People like to know what camera I use, I understand that. I have always liked cameras, I find them fascinating. I find lenses interesting too. I read the reviews and the tests and the comparisons. The thing I think about most however, is how does any particular camera-lens combination suit my needs to make the image I am envisioning. I need to take complete control of the process of composing, selecting perspective, deciding on depth of field, point of focus, color relationships, exposure implications, field of view, level of sharpness, and a variety of other variables which make photography an art form as well as a craft.
I work with a variety of camera types including a high megapixel DSLR, Micro-Four-thirds mirrorless, “bridge cameras”, “point-and-shoot” varieties, instant-film camera, and even an iPhone camera with interchangeable lenses. All of these cameras I use to create the art that I wish to make. Each camera is selected because it is the tool that I wish to use or I happen to have at hand. I have sold works to collectors with each of these camera types and have had images published from several of them. Its never about the camera.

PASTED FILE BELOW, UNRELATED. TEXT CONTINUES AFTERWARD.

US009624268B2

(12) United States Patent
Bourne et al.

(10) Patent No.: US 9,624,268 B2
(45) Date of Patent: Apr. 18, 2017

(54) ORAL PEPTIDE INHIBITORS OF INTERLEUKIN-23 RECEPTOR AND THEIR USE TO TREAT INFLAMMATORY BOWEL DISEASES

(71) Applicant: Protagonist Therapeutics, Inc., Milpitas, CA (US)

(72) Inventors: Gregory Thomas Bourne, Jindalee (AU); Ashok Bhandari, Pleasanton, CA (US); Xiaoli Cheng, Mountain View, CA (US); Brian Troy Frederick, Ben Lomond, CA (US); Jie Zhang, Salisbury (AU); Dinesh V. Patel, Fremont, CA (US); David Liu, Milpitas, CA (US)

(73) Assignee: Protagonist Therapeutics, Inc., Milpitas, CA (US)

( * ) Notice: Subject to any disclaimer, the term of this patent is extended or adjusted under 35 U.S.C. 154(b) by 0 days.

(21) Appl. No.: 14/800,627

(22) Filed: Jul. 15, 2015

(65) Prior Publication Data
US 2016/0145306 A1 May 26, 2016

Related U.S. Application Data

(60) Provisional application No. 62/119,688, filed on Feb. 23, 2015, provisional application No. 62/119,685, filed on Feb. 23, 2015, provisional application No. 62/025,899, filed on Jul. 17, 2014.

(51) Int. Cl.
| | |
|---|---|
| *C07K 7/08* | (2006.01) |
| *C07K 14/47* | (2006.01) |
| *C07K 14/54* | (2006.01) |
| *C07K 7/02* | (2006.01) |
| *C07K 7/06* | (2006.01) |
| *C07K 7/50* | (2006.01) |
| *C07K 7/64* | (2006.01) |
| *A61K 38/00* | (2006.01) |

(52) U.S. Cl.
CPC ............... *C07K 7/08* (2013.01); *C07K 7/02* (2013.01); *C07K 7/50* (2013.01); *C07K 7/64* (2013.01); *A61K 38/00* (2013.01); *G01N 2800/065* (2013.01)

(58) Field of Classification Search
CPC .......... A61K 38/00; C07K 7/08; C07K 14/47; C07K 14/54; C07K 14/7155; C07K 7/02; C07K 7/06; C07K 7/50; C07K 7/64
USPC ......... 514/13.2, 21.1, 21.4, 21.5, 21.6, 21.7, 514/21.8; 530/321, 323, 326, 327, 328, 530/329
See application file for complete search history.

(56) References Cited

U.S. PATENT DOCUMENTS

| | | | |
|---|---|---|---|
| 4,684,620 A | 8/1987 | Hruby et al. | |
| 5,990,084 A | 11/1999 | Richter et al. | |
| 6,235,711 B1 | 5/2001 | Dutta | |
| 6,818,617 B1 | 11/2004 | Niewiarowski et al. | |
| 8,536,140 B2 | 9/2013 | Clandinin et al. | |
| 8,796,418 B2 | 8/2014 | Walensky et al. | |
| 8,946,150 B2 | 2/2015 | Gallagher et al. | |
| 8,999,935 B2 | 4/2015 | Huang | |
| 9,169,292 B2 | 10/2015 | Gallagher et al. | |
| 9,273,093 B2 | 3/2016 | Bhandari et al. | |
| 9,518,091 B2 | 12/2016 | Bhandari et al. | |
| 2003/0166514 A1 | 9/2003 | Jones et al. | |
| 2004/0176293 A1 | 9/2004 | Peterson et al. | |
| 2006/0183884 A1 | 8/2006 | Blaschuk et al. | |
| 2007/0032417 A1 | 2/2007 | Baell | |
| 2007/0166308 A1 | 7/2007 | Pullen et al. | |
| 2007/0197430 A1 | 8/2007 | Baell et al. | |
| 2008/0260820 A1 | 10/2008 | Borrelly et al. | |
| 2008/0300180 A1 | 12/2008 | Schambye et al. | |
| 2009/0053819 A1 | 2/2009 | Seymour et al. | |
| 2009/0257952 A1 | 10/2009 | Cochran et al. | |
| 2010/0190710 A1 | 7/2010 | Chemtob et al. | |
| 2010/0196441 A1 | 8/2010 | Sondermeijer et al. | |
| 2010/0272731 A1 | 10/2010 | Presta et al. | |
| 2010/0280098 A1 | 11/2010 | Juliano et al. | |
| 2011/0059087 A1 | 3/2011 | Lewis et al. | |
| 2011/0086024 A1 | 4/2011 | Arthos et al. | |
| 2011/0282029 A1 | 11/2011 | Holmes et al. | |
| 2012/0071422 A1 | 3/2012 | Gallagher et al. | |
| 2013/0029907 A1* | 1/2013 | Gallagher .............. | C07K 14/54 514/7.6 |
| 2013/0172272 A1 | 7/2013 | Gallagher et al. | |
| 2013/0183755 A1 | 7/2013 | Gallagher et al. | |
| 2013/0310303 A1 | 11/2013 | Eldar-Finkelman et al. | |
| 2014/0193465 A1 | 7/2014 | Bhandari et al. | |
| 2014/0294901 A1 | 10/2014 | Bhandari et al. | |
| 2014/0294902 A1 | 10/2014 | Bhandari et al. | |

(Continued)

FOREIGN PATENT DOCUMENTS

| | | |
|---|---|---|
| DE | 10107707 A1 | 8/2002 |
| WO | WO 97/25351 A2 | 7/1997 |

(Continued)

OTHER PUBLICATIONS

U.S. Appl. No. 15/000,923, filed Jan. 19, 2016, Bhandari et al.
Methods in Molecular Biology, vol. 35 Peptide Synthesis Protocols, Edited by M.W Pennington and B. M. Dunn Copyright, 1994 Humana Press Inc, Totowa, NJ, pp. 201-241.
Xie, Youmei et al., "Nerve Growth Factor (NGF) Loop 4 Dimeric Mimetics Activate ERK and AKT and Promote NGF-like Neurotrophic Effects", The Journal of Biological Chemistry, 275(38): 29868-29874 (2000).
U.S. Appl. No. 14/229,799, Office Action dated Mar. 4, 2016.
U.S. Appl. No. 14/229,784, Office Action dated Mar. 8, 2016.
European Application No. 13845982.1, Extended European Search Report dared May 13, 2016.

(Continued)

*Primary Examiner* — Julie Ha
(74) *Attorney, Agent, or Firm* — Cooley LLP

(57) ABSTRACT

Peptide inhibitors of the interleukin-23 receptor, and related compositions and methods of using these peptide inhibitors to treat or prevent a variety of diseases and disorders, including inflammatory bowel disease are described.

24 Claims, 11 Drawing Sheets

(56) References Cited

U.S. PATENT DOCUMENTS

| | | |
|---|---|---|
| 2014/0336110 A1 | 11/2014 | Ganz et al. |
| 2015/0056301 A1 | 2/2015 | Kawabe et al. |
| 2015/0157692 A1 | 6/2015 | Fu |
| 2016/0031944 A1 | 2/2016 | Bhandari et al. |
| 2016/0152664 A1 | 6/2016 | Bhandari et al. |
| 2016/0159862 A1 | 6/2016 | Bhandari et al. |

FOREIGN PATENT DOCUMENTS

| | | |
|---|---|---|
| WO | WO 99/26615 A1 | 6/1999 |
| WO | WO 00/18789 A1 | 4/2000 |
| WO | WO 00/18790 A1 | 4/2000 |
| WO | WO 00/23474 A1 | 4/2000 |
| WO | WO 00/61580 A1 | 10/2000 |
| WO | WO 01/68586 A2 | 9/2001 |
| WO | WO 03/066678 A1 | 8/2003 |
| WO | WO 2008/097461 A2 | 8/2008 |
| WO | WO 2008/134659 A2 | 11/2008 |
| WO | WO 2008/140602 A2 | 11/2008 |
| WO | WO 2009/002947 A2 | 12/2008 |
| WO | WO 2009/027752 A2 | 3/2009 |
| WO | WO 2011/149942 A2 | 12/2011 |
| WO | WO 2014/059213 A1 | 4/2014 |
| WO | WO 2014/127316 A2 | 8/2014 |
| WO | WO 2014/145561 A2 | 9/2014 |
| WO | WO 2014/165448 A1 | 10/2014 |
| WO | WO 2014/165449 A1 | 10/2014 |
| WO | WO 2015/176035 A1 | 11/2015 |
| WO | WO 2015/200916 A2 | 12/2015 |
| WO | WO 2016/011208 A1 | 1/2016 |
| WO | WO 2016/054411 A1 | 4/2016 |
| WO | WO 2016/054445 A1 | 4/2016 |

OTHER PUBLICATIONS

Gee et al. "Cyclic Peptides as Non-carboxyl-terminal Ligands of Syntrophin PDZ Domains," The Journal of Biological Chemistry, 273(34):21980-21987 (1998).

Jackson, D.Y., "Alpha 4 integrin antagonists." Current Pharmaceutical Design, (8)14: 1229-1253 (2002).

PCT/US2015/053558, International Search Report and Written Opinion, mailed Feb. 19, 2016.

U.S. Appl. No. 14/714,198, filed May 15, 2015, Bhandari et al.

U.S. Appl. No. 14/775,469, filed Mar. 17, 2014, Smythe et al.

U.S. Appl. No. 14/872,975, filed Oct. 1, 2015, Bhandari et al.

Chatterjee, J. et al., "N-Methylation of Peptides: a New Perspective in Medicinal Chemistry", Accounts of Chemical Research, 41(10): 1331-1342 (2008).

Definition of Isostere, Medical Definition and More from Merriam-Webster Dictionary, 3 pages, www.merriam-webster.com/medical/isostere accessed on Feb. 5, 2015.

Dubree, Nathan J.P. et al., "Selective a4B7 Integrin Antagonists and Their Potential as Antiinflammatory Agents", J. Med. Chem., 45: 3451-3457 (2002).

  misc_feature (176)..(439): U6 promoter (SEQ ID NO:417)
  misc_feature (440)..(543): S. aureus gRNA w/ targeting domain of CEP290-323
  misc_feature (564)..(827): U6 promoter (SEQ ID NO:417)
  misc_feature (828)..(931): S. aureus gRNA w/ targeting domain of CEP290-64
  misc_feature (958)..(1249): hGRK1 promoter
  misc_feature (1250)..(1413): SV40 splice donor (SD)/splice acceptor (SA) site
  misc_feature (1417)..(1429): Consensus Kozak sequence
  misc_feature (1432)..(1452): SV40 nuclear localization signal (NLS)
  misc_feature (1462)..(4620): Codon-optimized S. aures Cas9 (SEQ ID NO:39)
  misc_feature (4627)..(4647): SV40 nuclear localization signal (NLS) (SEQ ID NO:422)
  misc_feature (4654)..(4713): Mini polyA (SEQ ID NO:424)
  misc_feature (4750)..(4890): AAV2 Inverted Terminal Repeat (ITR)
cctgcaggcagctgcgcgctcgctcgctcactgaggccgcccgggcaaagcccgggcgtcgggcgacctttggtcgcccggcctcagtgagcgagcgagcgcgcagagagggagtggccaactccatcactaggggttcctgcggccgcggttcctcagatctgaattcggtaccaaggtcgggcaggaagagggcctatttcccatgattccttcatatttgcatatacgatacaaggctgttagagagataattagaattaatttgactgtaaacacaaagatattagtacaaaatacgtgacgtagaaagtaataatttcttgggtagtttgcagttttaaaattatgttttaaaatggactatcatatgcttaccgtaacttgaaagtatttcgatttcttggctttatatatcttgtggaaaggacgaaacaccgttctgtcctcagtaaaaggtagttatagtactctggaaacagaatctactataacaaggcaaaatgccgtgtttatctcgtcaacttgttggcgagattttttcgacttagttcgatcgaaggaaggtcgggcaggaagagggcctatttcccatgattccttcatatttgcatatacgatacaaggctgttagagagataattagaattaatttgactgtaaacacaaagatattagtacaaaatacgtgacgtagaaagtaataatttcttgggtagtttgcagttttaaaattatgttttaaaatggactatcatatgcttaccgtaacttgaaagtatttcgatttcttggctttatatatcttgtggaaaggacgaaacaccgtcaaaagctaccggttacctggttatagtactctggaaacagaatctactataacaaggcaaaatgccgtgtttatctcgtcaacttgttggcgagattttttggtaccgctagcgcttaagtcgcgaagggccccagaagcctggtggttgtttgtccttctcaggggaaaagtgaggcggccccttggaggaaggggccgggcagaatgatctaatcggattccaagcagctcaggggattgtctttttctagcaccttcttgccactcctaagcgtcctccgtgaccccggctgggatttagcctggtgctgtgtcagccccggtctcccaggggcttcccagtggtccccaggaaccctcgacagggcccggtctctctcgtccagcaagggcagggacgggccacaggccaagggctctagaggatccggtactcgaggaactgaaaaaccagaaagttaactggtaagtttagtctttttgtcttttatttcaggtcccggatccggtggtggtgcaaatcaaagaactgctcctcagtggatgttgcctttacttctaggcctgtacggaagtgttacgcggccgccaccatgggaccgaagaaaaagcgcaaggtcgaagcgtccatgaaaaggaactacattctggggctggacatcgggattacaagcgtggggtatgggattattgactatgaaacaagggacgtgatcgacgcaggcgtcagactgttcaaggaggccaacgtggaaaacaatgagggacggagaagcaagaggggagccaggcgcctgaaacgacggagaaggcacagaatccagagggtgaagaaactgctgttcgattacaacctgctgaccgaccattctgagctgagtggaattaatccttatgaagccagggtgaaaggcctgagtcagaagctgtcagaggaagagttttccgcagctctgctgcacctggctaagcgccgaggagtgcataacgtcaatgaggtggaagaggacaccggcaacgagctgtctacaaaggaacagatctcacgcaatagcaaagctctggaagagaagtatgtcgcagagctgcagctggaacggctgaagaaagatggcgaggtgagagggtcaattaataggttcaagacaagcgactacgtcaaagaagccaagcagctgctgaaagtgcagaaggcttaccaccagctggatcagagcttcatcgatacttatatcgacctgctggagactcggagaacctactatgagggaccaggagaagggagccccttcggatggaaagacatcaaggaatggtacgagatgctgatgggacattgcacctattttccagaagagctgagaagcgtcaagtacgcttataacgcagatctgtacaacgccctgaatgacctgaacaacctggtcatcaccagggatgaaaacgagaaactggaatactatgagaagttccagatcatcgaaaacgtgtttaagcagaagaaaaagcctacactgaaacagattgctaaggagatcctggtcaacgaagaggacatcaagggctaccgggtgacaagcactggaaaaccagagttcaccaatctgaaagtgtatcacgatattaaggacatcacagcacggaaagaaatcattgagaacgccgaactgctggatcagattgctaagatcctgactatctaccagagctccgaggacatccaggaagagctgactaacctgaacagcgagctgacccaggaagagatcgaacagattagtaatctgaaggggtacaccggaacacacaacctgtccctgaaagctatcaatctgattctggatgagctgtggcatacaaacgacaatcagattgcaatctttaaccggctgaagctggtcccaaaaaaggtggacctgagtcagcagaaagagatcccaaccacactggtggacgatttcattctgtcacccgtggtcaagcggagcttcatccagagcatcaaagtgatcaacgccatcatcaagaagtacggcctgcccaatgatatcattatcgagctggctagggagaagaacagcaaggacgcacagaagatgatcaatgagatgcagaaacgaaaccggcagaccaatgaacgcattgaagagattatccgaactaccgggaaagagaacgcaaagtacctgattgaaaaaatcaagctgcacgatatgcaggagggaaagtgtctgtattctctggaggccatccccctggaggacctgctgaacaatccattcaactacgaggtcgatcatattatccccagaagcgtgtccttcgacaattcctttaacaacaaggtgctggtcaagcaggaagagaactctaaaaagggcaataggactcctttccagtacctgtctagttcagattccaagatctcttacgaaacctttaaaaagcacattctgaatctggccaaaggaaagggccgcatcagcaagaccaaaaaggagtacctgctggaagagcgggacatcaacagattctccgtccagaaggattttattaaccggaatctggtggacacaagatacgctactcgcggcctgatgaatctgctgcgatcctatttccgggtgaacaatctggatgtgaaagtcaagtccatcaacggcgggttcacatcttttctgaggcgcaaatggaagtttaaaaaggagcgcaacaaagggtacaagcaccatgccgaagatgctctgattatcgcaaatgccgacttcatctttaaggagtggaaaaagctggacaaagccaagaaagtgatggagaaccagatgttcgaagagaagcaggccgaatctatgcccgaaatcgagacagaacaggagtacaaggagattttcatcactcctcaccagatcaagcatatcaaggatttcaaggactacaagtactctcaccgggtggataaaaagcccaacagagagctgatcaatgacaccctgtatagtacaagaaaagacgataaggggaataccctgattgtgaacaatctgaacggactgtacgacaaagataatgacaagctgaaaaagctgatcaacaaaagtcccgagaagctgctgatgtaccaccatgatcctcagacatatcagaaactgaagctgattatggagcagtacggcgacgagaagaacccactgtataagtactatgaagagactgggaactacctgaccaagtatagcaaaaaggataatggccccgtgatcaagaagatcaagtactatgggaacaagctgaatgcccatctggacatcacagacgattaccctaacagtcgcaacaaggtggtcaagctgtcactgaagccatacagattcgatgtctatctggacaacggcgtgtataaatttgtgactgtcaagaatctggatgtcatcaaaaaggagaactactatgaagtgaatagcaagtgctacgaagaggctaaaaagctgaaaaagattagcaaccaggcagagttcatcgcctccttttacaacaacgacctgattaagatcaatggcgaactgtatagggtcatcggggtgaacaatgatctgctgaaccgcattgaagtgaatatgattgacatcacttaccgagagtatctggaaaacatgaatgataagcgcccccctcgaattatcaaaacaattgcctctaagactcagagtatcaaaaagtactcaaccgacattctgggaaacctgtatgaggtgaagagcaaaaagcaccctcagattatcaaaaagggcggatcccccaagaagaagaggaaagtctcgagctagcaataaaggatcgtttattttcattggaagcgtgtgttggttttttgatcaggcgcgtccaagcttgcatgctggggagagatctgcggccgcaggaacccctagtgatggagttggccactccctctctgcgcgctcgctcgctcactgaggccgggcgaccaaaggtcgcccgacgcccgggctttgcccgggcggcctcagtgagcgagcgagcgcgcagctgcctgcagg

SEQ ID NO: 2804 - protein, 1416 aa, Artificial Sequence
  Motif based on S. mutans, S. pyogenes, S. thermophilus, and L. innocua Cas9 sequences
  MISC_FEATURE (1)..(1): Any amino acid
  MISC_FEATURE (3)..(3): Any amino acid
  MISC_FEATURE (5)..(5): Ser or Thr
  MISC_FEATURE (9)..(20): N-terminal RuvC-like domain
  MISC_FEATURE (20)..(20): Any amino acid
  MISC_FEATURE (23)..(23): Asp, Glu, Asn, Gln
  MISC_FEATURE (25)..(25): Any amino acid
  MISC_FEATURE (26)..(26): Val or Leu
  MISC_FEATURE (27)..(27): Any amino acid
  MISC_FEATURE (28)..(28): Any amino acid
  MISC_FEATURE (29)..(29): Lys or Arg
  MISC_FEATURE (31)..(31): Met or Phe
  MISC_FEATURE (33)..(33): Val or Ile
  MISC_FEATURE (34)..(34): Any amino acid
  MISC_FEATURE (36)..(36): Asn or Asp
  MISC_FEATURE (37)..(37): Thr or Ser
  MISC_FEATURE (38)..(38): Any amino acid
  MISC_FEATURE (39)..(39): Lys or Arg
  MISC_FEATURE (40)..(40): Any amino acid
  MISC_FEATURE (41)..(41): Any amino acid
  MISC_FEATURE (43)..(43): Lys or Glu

I still really enjoy cameras though. My enjoyment is not because of what cameras can do for me, but because of what I can do with cameras! When I read about a new camera or lens, my excitement comes when I realize what I can do with them to achieve my vision.
The image below was made with a high megapixel Nikon D800 and an excellent Nikon 80-400mm G AFS lens on a tripod (of course). But I doubt this level of equipment was necessary to achieve my vision here. The location is Acadia National Park, Maine.